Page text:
“Who are you, then, Doctor? What are you called? What sort of alien are you?”

whoareyouIn ‘The End of World’ Rose suddenly realises that she has accepted a trip with a stranger who has taken her to a completely alien future. That the TARDIS is inside her head, translating what she hears and in effect warping her perception. That the Doctor allowed this to happen without asking her permission.

This is where the reality of the situation, such as it is, sinks in. Now the shock and wonderment has passed Rose starts to feel afraid and fear the worst. Luckily the Doctor is benevolent and soon returns Rose home (only a year out) but things could have been very different.

If the Doctor didn’t have such good control of the TARDIS it is entirely possible that it might have taken him much longer to get Rose back to the 21st century. In that situation would her mistrust grow? Would she suspect that she’d never get home? Might she suspect that the Doctor had engineered this situation so that she’d have no choice but to accompany him.

This dynamic can be explored in your own campaign. It could be interesting to have a companion who might have initially agreed to travel with the Time Lord character only to change their mind and now regret leaving their native time period.

The companion can still get involved with events and might not be entirely hostile to the Time Lord but just feel exasperated and frustrated when the TARDIS doesn’t take them home. They might even look to find alternative means of travel or consider getting out early to travel the long road back to their point of departure.

The Time Lord could be oblivious to how the companion feels. They might know and be just as sorry that they can’t return them home (could there be a reason the TARDIS refuses to return them?) If they want to keep the companion around they might take them places they hope will change their mind.

In these early days, before the Time Lord and companion have got to know each other, they could be opportunities for misinformation. Bad guys could turn new companions against the Time Lord with out right lies or just sowing seeds of doubt.

The Time Lord might feel aggrieved that the companion doesn’t trust them implicitly.  They might also realise that they haven’t yet done anything to earn that trust. This could lead to them re-evaluating their relationship and take stock of what secrets they have been keep.

If the Time Lord is an NPC the companions concerns could actually be well founded. The Time Lord could have truly alien motives for taking them and might not be taking them home deliberately.

They could notice that while he claims the TARDIS is too inaccurate to get them home he always manages to get exactly where he wants to go. Those who oppose or confront him could meet mysterious accidents on their next adventure or find themselves stranded when the Time Lord leaves without them.

This would change the tone of the campaign, giving it more of a psychological horror feel. The aim of the campaign could be to overthrow the Time Lord. Even triggering a regeneration could result in a Time Lord who was much more agreeable.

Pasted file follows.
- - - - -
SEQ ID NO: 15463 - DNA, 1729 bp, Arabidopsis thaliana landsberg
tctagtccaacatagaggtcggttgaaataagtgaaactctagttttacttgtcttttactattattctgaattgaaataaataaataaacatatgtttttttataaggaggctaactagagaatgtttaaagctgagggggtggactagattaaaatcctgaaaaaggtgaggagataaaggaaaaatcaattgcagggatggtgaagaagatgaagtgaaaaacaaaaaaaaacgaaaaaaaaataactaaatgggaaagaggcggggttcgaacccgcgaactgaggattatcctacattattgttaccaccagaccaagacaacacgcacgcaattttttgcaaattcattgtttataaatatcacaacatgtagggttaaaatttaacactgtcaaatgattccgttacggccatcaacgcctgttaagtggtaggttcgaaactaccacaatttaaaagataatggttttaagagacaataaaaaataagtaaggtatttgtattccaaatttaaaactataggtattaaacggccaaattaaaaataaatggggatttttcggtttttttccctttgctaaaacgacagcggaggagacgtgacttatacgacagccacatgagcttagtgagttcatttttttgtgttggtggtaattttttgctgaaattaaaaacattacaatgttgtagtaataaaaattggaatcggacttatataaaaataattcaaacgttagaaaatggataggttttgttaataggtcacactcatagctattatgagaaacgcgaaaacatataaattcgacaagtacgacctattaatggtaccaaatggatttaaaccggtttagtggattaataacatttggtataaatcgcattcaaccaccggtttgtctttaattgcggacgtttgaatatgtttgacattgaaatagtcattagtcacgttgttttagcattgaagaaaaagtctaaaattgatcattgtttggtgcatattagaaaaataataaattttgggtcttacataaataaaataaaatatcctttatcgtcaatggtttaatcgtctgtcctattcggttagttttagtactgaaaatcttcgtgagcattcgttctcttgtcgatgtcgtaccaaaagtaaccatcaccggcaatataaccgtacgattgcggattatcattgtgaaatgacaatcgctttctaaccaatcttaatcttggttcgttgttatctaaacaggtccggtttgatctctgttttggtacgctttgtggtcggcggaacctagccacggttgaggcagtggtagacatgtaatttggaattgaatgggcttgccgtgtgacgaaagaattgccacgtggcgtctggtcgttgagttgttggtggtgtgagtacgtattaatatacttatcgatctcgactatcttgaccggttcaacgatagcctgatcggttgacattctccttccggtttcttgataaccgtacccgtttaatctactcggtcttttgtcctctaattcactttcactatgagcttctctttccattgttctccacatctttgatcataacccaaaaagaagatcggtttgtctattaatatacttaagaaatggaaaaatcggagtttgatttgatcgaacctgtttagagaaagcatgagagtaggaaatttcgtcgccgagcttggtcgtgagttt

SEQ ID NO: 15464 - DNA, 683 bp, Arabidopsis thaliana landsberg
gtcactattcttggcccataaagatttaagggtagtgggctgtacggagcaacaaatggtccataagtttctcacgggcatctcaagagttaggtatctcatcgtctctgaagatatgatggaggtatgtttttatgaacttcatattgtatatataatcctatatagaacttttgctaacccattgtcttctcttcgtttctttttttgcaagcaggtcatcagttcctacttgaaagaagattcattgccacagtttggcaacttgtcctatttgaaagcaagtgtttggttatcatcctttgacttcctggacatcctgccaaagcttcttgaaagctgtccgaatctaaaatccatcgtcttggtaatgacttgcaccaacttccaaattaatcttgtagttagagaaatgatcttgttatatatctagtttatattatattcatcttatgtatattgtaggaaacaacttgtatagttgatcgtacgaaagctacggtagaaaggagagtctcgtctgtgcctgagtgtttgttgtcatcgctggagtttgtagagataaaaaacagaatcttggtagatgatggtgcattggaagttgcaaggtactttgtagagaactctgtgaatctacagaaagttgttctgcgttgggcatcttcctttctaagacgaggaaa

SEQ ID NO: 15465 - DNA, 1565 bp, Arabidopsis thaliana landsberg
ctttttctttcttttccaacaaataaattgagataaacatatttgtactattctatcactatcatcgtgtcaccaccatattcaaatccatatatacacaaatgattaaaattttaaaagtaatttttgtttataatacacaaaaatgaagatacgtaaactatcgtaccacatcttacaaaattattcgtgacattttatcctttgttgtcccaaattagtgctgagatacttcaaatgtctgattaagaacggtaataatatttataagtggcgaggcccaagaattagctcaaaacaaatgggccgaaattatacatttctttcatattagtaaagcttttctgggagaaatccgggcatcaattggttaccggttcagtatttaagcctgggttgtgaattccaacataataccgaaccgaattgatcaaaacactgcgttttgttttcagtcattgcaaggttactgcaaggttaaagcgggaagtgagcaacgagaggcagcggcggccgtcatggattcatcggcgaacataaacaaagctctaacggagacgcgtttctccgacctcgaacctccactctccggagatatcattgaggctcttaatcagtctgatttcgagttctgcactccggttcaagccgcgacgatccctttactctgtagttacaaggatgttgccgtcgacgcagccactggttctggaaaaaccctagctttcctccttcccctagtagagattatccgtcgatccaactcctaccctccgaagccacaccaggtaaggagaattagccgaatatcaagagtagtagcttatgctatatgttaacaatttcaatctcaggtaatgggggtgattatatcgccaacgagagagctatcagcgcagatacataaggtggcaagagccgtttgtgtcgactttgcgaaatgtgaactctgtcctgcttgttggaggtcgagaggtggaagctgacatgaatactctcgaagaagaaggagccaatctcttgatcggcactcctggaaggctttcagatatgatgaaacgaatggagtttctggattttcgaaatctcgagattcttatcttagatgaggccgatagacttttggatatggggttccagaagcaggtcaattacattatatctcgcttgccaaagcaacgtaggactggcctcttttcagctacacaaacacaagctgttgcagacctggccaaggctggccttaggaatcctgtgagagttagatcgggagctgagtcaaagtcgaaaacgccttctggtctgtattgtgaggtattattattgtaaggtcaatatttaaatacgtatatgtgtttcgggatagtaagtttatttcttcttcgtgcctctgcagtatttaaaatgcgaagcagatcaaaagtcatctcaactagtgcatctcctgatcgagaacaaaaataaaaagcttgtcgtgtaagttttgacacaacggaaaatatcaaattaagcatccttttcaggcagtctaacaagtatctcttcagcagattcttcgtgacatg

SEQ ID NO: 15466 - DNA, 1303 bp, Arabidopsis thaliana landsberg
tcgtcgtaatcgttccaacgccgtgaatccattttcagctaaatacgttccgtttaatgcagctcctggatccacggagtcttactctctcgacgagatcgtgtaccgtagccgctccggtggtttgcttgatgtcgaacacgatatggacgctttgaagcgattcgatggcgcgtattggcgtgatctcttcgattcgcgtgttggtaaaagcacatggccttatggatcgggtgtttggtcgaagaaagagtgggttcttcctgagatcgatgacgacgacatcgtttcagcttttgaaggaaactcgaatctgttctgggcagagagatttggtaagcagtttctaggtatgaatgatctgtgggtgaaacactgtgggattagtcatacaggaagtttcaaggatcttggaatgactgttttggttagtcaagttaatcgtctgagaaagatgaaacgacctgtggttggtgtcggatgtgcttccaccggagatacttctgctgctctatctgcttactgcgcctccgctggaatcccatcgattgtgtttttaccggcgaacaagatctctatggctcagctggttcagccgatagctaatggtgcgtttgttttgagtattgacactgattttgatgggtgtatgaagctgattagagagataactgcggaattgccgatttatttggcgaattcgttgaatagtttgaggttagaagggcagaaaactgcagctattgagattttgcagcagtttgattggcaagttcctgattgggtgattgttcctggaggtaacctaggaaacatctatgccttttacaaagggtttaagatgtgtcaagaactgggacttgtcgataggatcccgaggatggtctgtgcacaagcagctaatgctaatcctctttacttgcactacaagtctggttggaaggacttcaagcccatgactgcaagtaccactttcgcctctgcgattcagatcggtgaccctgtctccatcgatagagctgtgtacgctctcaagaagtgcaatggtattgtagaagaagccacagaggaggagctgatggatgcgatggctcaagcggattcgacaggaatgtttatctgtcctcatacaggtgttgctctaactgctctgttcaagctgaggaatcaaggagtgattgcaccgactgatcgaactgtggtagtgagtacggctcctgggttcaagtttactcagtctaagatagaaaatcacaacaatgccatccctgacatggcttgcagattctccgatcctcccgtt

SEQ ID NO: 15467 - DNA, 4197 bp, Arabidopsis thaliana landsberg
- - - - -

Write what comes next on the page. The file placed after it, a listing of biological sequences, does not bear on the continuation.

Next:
In this episode we see how shocked Rose is to encounter aliens and then realises that the Doctor isn’t human either. The Doctor mocks Rose, suggesting that her reaction could be seen as racist. Rose eventually recovers but what if there was a companion who could never shake their xenophobia (which could be understandable depending on their time period).

Despite their best efforts and the fact that they know that the aliens are people they always feel apprehensive and even afraid. This could be akin to someone refusing to anthropomorphise animals, that is attribute human form and characteristics to them. They could always have in the back of their mind that while an alien might display human emotions or characteristics they aren’t human.

Encountering hostile alien species or disturbing alien behaviour can reinforce this belief. The companion could become very uncomfortable visiting inhabited alien planets or interacting with alien species.

There reaction to the Time Lord could also change once they find out that they aren’t actually human. This could be the point in which they realise that the don’t actually want to travel with the Time Lord anymore.

Adventures could be created to explore this reaction, either to prove it is justified or that such beliefs are wrong.

The PCs might arrive on a world where humans are treating aliens like they were human, resulting in the aliens suffering psychological damage because they aren’t used to human behaviour or turning on the humans because while they might have appeared friendly they were just waiting for when humanity was most vulnerable.

Alternatively the PCs could find aliens being treated as second class citizens by humans. It could be up to them to convince the society that the feelings and thoughts of the aliens are no less important that the human population.

The message of each adventure could vary, so that the PCs are left to make up their own mind or decide that there is no one answer.

Alien companions, human looking or not, can further complicate the issue. The human companion could feel that they are surrounded by aliens, persecuted because they are not the same as the others (when in fact they are alien to their companions).

A multi-species TARDIS crew can be used as a way to examine the differences and commonalities between all living creatures. Each species might have a special background to explore or ability that can prove useful.

This can be a good way to explore the various alien races throughout the Doctor Who universe. If they don’t appear human then it also gives the campaign a reason not to centre on Earth.

Such a campaign might have a lot in common with the television series ‘Farscape’ which captures the right blend of wonder, action, horror and humour.

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